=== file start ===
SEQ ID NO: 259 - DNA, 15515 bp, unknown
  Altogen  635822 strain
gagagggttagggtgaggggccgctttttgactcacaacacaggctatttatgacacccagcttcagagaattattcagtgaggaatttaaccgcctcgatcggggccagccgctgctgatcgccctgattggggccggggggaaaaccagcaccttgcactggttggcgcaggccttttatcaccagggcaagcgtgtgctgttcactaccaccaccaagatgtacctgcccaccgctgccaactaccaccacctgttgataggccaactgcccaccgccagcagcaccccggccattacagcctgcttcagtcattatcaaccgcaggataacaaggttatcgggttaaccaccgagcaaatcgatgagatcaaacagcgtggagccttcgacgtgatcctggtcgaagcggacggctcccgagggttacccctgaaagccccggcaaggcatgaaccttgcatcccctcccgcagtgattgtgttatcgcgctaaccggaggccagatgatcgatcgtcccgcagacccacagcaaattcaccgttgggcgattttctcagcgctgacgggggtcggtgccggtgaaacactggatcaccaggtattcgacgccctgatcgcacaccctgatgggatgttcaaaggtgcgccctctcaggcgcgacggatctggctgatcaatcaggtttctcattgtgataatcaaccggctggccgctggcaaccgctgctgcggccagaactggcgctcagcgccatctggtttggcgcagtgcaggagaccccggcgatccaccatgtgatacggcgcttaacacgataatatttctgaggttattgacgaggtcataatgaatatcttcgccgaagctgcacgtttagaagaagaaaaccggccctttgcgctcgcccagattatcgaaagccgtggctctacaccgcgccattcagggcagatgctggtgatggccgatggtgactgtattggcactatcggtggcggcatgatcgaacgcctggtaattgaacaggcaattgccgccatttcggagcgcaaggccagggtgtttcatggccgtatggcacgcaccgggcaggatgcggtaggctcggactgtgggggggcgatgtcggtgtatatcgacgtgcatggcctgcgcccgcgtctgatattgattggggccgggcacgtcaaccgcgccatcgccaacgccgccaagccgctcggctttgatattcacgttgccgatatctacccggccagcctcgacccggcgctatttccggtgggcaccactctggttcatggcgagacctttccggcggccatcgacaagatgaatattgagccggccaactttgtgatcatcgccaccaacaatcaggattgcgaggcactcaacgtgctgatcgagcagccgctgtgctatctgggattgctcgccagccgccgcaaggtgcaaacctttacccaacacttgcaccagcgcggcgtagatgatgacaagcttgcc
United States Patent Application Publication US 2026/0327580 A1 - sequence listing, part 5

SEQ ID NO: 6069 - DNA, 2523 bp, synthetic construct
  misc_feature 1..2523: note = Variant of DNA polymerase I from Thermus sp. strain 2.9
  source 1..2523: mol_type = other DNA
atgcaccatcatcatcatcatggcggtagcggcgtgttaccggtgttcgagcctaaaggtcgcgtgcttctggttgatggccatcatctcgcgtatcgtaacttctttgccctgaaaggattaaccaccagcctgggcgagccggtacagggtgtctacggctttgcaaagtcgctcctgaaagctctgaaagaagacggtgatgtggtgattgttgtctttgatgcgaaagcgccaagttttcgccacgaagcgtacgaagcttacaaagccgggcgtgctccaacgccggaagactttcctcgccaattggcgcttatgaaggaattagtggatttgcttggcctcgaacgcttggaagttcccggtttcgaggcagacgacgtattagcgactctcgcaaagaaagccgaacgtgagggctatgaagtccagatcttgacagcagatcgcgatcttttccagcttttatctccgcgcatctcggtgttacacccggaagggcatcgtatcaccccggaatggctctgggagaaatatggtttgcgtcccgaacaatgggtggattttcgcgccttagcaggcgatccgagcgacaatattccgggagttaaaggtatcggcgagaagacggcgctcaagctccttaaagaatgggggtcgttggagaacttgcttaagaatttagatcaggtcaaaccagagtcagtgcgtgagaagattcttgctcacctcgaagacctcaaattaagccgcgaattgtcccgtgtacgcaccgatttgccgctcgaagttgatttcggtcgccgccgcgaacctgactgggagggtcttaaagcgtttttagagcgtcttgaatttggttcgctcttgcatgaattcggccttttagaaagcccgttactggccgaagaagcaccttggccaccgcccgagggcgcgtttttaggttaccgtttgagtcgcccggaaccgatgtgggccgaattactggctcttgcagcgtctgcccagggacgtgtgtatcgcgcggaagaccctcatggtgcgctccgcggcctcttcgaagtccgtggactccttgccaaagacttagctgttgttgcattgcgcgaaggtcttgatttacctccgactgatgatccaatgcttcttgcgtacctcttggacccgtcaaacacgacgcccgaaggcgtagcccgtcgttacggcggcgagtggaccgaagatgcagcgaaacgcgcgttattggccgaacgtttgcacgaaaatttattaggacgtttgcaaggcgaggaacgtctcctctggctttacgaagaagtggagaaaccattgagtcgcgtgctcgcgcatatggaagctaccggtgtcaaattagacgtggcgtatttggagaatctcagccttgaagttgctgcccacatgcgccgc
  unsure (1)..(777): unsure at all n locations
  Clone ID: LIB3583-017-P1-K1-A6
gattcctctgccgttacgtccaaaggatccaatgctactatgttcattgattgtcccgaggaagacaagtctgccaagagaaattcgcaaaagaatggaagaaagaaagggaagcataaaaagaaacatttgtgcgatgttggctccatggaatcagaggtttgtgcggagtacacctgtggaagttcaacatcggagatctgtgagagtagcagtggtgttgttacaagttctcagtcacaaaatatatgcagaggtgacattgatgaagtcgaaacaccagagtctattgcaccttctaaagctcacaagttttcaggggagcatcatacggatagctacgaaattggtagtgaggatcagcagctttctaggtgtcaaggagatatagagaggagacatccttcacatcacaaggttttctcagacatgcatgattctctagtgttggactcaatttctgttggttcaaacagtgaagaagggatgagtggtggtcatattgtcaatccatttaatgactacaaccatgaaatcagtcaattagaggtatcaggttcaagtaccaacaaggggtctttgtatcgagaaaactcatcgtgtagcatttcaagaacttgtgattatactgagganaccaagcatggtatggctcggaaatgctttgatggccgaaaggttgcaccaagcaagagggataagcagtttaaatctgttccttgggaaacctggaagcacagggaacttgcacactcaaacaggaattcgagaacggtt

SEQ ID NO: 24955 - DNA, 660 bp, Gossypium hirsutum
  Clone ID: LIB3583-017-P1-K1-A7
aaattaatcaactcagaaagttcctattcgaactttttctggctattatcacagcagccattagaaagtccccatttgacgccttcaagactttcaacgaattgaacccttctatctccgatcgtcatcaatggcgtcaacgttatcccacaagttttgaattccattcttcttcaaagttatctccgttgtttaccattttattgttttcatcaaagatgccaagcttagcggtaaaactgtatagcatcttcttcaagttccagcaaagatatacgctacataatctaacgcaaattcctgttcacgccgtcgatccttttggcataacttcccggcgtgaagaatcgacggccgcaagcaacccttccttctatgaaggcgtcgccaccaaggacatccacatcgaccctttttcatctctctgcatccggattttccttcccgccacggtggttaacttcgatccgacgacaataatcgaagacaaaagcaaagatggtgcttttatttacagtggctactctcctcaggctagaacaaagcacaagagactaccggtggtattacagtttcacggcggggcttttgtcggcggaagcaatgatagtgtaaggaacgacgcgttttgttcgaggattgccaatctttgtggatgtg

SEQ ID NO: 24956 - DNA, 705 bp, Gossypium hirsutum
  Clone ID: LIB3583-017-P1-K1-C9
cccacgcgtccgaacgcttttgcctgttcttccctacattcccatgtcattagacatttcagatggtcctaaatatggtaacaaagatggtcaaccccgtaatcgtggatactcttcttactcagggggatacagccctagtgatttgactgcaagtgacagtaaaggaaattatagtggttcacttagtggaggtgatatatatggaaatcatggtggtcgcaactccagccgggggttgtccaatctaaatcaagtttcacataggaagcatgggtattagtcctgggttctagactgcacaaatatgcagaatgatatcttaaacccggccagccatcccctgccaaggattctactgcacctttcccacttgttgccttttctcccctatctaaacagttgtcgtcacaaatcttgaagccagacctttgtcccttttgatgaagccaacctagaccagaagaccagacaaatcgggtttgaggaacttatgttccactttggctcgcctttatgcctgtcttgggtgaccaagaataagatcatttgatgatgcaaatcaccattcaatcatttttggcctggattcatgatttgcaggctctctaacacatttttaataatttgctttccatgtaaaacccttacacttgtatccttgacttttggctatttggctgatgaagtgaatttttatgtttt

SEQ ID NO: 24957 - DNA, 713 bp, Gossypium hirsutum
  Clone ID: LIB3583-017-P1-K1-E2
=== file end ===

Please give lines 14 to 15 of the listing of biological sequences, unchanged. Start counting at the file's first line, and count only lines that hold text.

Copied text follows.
aaattaatcaactcagaaagttcctattcgaactttttctggctattatcacagcagccattagaaagtccccatttgacgccttcaagactttcaacgaattgaacccttctatctccgatcgtcatcaatggcgtcaacgttatcccacaagttttgaattccattcttcttcaaagttatctccgttgtttaccattttattgttttcatcaaagatgccaagcttagcggtaaaactgtatagcatcttcttcaagttccagcaaagatatacgctacataatctaacgcaaattcctgttcacgccgtcgatccttttggcataacttcccggcgtgaagaatcgacggccgcaagcaacccttccttctatgaaggcgtcgccaccaaggacatccacatcgaccctttttcatctctctgcatccggattttccttcccgccacggtggttaacttcgatccgacgacaataatcgaagacaaaagcaaagatggtgcttttatttacagtggctactctcctcaggctagaacaaagcacaagagactaccggtggtattacagtttcacggcggggcttttgtcggcggaagcaatgatagtgtaaggaacgacgcgttttgttcgaggattgccaatctttgtggatgtg

SEQ ID NO: 24956 - DNA, 705 bp, Gossypium hirsutum